A detection process can be readily conducted if it is conducted in the same container as used in a reaction. In many cases, the amount of a target component (DNA, virus RNA, or the like) to be detected from a sample solution is small. After the target component is extracted from the sample solution, usually, the target component is amplified via a PCR method, an isothermal amplification method, or the like, and then is measured by detecting fluorescence. When an amplification reaction is conducted after the extraction, it is necessary to warm a reaction liquid in any methods. On this occasion, the fluorescence measurement may be provided with inaccurate results because of the reduction of the reaction liquid resulting from the evaporation of the reaction liquid, and the formation of droplets resulting from dew condensation. Also, a reagent solution is fed via centrifugal force without using a valve, so that it may be assumed that the liquid cannot be held in a predetermined position, depending on the state of the liquid or the state of the module. In this case, it is necessary to precisely judge the presence, the amount, and the state of the measurement sample solution.

It is an object of the present invention to resolve the aforementioned problem and to provide a highly accurate method for detecting a biological-related substance by which abnormality can be recognized and the results of quantification regarding a target sample are not influenced, in the case of an abnormal state where dust is attached, for example, or a sample solution is reduced or exhausted, for example.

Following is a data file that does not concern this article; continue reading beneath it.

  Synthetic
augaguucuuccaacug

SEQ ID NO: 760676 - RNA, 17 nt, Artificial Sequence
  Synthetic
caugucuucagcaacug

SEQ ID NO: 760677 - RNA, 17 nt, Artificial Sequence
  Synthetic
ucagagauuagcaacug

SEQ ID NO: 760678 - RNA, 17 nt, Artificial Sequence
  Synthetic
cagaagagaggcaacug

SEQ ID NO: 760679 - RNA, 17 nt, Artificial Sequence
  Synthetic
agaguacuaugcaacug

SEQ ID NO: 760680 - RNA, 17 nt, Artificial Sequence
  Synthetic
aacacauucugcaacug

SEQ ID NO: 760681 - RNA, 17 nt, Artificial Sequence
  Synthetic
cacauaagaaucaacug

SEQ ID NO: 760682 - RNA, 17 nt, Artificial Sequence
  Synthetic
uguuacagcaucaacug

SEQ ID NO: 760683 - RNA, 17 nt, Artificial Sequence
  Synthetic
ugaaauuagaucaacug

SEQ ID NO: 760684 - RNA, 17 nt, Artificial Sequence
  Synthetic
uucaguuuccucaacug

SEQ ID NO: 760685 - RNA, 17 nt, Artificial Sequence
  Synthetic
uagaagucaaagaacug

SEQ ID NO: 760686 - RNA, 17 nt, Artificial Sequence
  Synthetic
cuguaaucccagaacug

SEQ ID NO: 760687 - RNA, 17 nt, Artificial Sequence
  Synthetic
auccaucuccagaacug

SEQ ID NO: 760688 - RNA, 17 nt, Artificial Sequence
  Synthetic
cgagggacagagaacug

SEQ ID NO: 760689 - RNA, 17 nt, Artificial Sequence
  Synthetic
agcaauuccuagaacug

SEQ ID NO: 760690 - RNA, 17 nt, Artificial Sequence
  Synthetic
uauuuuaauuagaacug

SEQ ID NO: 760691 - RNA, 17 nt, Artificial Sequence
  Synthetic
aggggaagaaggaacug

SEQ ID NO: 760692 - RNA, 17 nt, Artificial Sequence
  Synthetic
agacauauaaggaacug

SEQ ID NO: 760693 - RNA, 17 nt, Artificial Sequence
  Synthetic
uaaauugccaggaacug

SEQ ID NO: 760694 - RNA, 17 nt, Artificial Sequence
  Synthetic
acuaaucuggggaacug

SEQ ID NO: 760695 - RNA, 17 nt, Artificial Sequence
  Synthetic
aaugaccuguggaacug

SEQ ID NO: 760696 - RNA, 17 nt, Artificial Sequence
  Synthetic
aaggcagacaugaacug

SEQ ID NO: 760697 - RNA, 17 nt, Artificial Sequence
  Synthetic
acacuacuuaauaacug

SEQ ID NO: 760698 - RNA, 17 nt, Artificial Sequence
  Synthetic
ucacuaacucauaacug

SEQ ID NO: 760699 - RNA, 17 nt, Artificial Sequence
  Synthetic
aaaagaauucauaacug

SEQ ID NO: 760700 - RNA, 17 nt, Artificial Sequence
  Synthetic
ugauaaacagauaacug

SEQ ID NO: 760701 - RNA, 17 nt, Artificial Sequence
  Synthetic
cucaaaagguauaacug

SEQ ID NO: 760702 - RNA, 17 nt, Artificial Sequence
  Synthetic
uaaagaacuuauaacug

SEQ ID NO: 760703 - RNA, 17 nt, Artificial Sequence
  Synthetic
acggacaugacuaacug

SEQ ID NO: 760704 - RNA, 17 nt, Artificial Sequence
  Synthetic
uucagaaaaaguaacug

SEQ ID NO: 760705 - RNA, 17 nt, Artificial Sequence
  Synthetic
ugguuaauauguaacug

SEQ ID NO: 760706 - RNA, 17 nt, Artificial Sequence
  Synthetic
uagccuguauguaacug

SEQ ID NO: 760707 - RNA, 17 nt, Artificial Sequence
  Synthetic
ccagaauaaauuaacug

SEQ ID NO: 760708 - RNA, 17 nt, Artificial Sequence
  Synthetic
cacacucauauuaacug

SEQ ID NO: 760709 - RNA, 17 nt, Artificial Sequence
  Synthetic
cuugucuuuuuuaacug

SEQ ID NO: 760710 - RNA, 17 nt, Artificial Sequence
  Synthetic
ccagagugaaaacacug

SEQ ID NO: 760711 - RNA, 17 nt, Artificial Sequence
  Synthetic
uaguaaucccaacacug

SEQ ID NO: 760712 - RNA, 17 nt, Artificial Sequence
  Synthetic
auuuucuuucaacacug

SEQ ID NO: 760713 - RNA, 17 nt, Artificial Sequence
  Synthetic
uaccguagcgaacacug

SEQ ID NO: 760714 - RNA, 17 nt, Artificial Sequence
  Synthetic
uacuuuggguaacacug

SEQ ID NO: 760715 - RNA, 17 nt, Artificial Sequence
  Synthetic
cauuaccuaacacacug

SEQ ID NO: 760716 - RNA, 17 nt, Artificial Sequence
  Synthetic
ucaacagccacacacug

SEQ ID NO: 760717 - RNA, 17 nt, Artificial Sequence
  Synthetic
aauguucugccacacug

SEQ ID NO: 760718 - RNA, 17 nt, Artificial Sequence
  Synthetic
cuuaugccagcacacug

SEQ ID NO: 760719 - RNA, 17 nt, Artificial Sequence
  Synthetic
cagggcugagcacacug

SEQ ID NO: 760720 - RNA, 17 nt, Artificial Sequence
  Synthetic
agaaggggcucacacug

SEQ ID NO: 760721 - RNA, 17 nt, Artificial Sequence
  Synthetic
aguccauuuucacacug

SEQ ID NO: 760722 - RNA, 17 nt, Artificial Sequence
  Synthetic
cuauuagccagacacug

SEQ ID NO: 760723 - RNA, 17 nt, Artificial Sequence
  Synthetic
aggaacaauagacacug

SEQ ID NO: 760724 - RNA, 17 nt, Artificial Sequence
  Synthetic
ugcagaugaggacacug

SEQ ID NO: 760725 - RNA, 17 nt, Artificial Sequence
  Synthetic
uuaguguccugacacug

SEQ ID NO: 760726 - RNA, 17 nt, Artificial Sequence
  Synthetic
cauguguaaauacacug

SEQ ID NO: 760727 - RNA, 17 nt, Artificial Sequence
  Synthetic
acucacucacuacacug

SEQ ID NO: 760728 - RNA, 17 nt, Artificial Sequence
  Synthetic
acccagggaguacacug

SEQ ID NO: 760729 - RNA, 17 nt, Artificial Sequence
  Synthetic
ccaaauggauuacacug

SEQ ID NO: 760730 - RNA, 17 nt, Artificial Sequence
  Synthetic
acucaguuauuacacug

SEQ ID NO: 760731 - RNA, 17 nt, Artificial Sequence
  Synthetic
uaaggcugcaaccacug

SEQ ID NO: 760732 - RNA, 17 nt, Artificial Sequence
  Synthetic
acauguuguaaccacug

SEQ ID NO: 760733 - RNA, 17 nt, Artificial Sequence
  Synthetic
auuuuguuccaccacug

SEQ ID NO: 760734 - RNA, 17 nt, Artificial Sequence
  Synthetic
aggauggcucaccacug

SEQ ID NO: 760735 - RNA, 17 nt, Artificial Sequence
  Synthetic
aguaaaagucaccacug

In order to resolve the aforementioned problem, the present invention provides the following method for detecting a biological-related substance and apparatus for detecting a biological sample.

In a first aspect, the present invention provides a method for detecting a biological-related substance, in which the biological-related substance is captured in a portion for light detection and fluorescence emitted by the portion for light detection is detected, thereby performing quantitative determination regarding the target biological-related substance. The method for detecting the biological-related substance comprises labeling the biological-related substance or such a substance that is substantially the same as the biological-related substance using a fluorophore, irradiating an excitation light for exciting the fluorophore onto the portion for light detection, and detecting a light emitted by the portion for light detection after dividing the light into at least a plurality of wavelength zones. The method further comprises comparing, while one of the plurality of wavelength zones is substantially the same as that of the component of the excitation light, the light intensity of the wavelength zone that is the same as that of the excitation light component with a predetermined intensity range, and, in the case where the light intensity exceeds the intensity range, determining whether the fluorescence measurement in the portion for light detection is appropriate or not.